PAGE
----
Canceled USWNT friendly over poor turf amplifies U.S. Soccer's gender inequality

During a national celebration of their world domination, the United States women's national team got another harsh reminder of gender inequality within its sport.

And this time, FIFA has nothing to do with it.

U.S. Soccer canceled the World Cup winners' friendly against Trinidad and Tobago in Hawaii on Sunday, after Alex Morgan and head coach Jill Ellis railed against the state of the field at Honolulu's Aloha Stadium.

Morgan called the turf conditions "horrible" in an interview with Laura Vecsey of FOX Sports and expounded on her frustration.

"I think the team needs to be a little more vocal about whether this is good for our bodies and whether we should be playing on it if the men wouldn't be playing on it," Morgan said. "We've been told by U.S. Soccer that the field's condition and the size of the field are the first two talking points of when they decide on a field, so I'm not sure why eight or nine of our 10 Victory Tour games are on turf whereas the men haven't played on turf this year."

Goalkeeper Hope Solo tweeted a photo of a large rift in the turf, which exposed a clear risk to anyone running or cutting on it.

"We extend our sincere apologies to those fans who were scheduled to attend the U.S. Women's National Team match in Hawaii," U.S. Soccer spokesman Neil Buethe said in a statement. "Player safety is our number one priority at all times and after a thorough inspection throughout the day, we determined it was in the best interest for both teams to not play the match. We regret not being able to play in front of our fantastic, loyal fans."

This comes after a World Cup played exclusively on turf, with players from all nations dealing with uncomfortable on-field conditions. The men's World Cup has never been played on anything other than grass.

That, however, was a FIFA issue. This is all on U.S. Soccer.

"This could never happen on the men's side," said SiriusXM analyst Glenn Crooks, who coached Carli Lloyd at Rutgers. "Why is this happening on the women's side? Some victory tour, huh?"

Star midfielder Megan Rapinoe tore her ACL on a practice field on Friday. That came on grass, but players felt that surface was also in poor condition.

Ellis complained to higher-ups, but it was Morgan who gave the strongest rebuke.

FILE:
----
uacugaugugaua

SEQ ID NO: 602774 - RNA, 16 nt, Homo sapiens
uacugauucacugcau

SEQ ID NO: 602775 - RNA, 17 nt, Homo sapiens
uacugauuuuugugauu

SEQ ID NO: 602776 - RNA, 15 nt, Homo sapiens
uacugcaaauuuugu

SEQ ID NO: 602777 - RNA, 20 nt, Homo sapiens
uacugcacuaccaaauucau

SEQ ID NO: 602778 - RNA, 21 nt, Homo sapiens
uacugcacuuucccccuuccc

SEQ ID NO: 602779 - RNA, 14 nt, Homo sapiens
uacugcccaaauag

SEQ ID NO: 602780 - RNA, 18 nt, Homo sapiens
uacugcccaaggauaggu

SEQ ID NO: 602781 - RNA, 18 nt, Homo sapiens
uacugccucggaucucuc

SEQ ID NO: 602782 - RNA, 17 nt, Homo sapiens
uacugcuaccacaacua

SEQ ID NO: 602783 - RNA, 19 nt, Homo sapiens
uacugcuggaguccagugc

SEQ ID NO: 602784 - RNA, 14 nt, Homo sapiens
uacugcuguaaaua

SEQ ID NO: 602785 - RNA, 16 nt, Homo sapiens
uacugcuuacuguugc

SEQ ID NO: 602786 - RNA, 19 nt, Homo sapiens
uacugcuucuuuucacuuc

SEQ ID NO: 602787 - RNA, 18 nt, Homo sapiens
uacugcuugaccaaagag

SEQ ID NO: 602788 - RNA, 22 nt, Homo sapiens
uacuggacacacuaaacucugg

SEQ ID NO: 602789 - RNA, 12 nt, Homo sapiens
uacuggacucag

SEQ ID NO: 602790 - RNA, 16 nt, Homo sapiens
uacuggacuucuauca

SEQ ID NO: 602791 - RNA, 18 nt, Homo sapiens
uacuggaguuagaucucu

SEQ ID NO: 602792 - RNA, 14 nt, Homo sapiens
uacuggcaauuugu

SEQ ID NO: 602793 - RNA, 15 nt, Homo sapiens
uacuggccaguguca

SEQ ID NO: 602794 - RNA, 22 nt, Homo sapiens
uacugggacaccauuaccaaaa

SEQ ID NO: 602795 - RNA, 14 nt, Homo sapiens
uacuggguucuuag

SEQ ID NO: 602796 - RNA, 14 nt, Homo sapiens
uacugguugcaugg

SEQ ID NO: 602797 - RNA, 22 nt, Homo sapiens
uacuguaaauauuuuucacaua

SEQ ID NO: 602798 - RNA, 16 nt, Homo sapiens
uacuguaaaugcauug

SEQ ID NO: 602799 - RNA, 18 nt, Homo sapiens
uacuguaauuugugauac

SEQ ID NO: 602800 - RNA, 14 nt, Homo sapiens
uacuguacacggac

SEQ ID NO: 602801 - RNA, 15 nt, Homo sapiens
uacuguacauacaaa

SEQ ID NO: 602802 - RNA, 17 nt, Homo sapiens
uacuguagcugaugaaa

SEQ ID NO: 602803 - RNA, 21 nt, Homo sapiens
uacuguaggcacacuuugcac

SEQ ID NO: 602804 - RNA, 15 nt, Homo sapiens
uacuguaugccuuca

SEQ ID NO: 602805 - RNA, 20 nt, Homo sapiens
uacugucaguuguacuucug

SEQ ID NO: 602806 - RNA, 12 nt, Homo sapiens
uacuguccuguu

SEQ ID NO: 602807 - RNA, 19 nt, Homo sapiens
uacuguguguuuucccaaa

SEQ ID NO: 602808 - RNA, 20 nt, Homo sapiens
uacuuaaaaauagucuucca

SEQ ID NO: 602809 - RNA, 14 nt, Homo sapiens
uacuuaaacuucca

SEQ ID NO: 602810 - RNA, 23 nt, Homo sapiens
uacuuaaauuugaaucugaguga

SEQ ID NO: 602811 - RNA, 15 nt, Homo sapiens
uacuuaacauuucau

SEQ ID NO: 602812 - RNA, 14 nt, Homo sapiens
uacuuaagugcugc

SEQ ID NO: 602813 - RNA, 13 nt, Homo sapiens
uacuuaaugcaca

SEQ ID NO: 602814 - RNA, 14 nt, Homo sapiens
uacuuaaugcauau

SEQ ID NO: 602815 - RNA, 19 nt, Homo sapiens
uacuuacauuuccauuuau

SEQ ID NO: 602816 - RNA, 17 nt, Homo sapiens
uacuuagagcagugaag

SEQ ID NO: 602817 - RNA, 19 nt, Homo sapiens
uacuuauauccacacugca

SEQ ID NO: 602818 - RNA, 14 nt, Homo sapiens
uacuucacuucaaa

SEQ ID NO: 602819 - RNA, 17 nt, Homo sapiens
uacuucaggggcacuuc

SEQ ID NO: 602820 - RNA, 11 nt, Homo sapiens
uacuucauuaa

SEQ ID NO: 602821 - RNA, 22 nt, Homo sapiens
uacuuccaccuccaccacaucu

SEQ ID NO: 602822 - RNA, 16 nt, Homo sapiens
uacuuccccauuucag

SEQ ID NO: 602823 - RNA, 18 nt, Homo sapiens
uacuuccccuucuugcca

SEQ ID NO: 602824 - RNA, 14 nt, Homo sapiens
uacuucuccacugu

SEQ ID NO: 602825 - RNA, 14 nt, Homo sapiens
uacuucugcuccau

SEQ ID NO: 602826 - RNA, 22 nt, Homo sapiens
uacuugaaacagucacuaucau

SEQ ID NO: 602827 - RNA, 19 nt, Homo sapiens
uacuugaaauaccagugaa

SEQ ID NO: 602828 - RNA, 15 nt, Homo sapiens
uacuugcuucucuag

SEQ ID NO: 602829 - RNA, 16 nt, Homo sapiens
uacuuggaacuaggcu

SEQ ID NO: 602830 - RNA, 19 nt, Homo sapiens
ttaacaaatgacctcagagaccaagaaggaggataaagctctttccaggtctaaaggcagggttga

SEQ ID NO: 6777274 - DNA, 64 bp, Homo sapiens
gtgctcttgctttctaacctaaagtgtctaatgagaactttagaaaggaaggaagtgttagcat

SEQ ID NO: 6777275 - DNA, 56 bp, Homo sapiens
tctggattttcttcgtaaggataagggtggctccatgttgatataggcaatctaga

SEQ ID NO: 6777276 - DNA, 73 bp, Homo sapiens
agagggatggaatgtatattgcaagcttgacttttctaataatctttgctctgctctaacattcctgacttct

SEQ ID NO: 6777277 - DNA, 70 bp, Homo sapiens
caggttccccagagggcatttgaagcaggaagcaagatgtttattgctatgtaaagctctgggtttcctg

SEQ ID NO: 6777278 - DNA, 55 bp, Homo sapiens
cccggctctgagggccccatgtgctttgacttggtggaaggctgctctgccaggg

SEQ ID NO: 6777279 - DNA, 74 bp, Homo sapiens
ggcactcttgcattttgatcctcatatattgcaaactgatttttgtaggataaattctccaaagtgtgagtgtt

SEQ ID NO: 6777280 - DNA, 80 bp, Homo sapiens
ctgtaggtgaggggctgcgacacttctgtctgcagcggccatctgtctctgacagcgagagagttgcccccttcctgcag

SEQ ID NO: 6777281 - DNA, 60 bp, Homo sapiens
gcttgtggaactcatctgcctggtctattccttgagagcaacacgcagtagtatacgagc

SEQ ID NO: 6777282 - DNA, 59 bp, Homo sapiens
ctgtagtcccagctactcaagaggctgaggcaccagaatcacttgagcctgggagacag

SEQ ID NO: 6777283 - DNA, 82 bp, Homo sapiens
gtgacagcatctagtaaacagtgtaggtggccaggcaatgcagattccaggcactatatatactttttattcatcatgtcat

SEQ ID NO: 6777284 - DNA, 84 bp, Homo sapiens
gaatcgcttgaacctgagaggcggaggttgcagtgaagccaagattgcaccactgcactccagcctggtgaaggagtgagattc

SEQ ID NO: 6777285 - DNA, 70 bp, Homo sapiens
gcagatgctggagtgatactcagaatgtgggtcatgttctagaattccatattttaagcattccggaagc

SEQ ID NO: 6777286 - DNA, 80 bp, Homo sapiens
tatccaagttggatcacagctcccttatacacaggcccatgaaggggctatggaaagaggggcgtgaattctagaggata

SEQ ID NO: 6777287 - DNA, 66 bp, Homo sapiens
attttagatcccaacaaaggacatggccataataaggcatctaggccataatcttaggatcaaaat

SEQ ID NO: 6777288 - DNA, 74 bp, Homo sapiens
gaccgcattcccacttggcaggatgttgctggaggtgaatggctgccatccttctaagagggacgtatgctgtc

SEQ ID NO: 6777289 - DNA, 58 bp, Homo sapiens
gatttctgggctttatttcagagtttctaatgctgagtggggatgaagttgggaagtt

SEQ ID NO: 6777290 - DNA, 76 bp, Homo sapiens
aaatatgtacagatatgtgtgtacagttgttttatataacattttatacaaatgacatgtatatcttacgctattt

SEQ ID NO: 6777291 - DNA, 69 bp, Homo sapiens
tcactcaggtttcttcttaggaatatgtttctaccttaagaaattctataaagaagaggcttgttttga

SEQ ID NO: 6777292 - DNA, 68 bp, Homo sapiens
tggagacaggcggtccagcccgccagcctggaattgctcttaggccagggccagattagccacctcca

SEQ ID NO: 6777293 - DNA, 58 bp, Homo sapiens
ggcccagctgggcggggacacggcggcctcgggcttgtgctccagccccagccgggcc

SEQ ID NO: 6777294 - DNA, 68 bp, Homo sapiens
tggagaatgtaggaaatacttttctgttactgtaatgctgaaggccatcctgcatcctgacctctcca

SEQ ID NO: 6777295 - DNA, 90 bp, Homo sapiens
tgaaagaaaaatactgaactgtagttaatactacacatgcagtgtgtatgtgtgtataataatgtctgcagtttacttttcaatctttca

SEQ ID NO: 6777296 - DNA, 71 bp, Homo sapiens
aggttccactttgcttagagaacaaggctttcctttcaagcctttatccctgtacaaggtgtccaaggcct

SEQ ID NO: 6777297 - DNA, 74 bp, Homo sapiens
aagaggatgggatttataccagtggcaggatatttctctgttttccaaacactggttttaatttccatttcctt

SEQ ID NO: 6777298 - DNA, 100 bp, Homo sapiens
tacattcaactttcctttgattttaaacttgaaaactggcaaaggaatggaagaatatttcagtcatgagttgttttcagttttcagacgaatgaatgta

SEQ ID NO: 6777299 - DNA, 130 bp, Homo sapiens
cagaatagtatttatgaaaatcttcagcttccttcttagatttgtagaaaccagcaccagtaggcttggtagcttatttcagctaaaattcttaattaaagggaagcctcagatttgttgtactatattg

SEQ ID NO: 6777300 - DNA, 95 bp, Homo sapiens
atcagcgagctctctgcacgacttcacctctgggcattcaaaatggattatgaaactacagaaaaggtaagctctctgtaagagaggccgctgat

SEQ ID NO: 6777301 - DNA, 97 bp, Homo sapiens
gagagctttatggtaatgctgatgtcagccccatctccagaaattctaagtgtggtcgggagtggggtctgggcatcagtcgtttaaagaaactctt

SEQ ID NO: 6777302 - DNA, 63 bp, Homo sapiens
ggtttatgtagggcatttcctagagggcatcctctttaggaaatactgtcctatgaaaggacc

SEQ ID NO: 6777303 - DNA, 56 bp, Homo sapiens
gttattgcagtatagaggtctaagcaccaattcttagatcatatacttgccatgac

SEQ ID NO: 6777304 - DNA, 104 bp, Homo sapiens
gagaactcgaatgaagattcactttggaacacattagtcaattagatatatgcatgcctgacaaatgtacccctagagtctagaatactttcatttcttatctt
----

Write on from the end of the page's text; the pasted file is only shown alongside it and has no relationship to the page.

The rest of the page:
"I think it's hard because no one's really going to protect us but ourselves," Morgan told Vecsey. "So we're in a very hard position because obviously we want to play in front of these fans and we want to train before the game but injuries happen when you don't protect yourself and when you're not protected from those higher up from you."

Morgan herself is in an especially vulnerable position. She is coming off a knee injury that limited her in the early stages of last summer's World Cup, and is just recently returning to full health.

"The last two years have been really difficult," Morgan told Yahoo Sports in a phone interview this week. "I haven't been my full self."

None of the players can afford an injury with an Olympic year beginning next month. This Victory Tour is as much a preparation for the Rio Games as it is a toast to the World Cup title. And it's in U.S. Soccer's interest to protect its players especially in matters of health and safety.

An email to Buethe was not immediately returned, but he did not confirm to Vecsey that the Aloha Stadium turf was vetted before the match was scheduled. Former national team member Julie Foudy, now with ESPN, tweeted Sunday that she was told a venue is vetted "months in advance" for the men's side but no one from U.S. Soccer inspected this particular field.

"It amplifies the entire gender equity issue that's been discussed worldwide," Crooks said. "But here in our own country, there's still a lot of inequality."